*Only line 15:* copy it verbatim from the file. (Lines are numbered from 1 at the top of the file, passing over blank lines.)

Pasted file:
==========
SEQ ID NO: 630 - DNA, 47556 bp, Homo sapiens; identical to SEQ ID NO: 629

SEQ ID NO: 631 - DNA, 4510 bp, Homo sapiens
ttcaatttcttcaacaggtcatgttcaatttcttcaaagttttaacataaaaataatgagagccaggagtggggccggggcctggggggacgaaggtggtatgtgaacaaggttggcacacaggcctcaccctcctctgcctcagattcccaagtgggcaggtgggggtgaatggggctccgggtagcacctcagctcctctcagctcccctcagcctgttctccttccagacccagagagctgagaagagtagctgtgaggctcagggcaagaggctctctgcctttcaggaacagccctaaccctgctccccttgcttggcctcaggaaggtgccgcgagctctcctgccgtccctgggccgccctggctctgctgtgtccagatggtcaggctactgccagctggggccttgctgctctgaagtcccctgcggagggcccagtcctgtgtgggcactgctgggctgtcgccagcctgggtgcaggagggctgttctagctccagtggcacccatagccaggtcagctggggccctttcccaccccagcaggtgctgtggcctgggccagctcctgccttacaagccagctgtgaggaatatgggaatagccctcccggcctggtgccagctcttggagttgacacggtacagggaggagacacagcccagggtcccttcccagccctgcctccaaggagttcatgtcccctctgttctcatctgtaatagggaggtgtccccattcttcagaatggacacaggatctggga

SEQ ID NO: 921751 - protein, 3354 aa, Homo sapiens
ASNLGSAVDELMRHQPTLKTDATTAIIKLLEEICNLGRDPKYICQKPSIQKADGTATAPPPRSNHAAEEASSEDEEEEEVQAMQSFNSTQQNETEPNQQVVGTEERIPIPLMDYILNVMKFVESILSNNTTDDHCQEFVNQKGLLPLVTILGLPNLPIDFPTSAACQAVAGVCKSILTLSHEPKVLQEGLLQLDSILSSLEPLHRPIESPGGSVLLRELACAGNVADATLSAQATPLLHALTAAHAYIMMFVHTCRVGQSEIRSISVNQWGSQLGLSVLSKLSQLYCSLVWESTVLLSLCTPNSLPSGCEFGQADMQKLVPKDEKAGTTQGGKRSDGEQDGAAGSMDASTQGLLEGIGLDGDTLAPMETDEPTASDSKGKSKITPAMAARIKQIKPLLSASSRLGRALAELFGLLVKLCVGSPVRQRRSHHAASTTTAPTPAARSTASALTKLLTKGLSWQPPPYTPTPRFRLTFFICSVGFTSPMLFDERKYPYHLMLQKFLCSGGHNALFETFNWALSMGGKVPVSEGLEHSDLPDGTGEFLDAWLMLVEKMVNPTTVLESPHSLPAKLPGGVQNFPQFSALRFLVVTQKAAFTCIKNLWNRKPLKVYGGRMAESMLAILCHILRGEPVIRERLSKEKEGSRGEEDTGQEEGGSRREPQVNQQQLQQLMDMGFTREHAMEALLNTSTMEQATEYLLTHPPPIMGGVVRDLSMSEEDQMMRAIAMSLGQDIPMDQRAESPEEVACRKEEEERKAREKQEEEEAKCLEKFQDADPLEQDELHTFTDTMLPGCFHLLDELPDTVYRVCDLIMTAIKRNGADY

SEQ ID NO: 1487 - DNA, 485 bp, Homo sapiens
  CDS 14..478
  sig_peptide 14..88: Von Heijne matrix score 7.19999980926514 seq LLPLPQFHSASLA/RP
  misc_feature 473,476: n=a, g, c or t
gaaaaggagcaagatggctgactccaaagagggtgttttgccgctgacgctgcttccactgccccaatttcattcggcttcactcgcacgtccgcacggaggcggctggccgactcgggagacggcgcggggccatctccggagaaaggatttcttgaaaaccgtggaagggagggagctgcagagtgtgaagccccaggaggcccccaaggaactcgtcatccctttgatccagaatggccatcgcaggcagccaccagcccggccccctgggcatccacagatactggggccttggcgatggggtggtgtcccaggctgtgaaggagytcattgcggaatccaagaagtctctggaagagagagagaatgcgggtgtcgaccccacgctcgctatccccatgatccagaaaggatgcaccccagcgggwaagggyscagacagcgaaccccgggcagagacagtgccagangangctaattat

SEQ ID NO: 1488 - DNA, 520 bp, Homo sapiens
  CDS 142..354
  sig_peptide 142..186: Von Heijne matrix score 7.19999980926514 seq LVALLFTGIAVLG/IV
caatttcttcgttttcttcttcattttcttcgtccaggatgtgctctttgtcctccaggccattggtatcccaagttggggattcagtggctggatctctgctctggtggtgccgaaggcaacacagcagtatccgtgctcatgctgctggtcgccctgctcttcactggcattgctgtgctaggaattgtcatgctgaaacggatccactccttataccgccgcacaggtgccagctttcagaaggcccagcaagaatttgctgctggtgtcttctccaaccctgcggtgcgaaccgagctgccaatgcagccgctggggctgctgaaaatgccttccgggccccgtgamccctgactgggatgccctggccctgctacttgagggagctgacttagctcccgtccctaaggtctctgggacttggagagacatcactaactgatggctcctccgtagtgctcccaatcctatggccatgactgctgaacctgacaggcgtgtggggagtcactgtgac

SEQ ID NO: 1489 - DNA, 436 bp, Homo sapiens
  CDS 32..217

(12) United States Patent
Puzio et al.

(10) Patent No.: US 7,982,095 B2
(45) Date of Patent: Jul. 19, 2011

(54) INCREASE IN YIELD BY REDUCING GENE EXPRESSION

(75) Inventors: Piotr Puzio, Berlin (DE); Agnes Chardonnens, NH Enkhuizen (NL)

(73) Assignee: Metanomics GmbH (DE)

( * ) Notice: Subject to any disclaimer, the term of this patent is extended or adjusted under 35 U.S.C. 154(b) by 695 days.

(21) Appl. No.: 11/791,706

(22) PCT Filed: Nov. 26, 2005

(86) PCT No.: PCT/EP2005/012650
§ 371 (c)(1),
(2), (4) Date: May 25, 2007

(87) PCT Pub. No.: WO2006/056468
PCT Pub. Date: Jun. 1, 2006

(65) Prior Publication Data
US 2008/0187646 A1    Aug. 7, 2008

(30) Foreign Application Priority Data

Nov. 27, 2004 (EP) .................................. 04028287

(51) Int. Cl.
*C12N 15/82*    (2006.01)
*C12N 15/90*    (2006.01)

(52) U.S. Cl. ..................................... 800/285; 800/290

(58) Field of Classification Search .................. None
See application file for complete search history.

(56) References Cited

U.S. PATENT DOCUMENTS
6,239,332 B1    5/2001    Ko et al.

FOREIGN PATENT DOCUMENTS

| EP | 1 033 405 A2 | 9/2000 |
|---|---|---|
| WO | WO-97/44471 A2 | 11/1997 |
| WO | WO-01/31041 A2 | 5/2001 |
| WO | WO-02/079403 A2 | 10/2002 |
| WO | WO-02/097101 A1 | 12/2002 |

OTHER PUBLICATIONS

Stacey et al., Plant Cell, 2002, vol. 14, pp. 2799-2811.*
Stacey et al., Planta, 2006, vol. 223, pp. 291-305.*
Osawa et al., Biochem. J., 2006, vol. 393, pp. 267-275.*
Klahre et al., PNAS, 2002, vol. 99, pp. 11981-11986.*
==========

SEQ ID NO: 1489 - DNA, 436 bp, Homo sapiens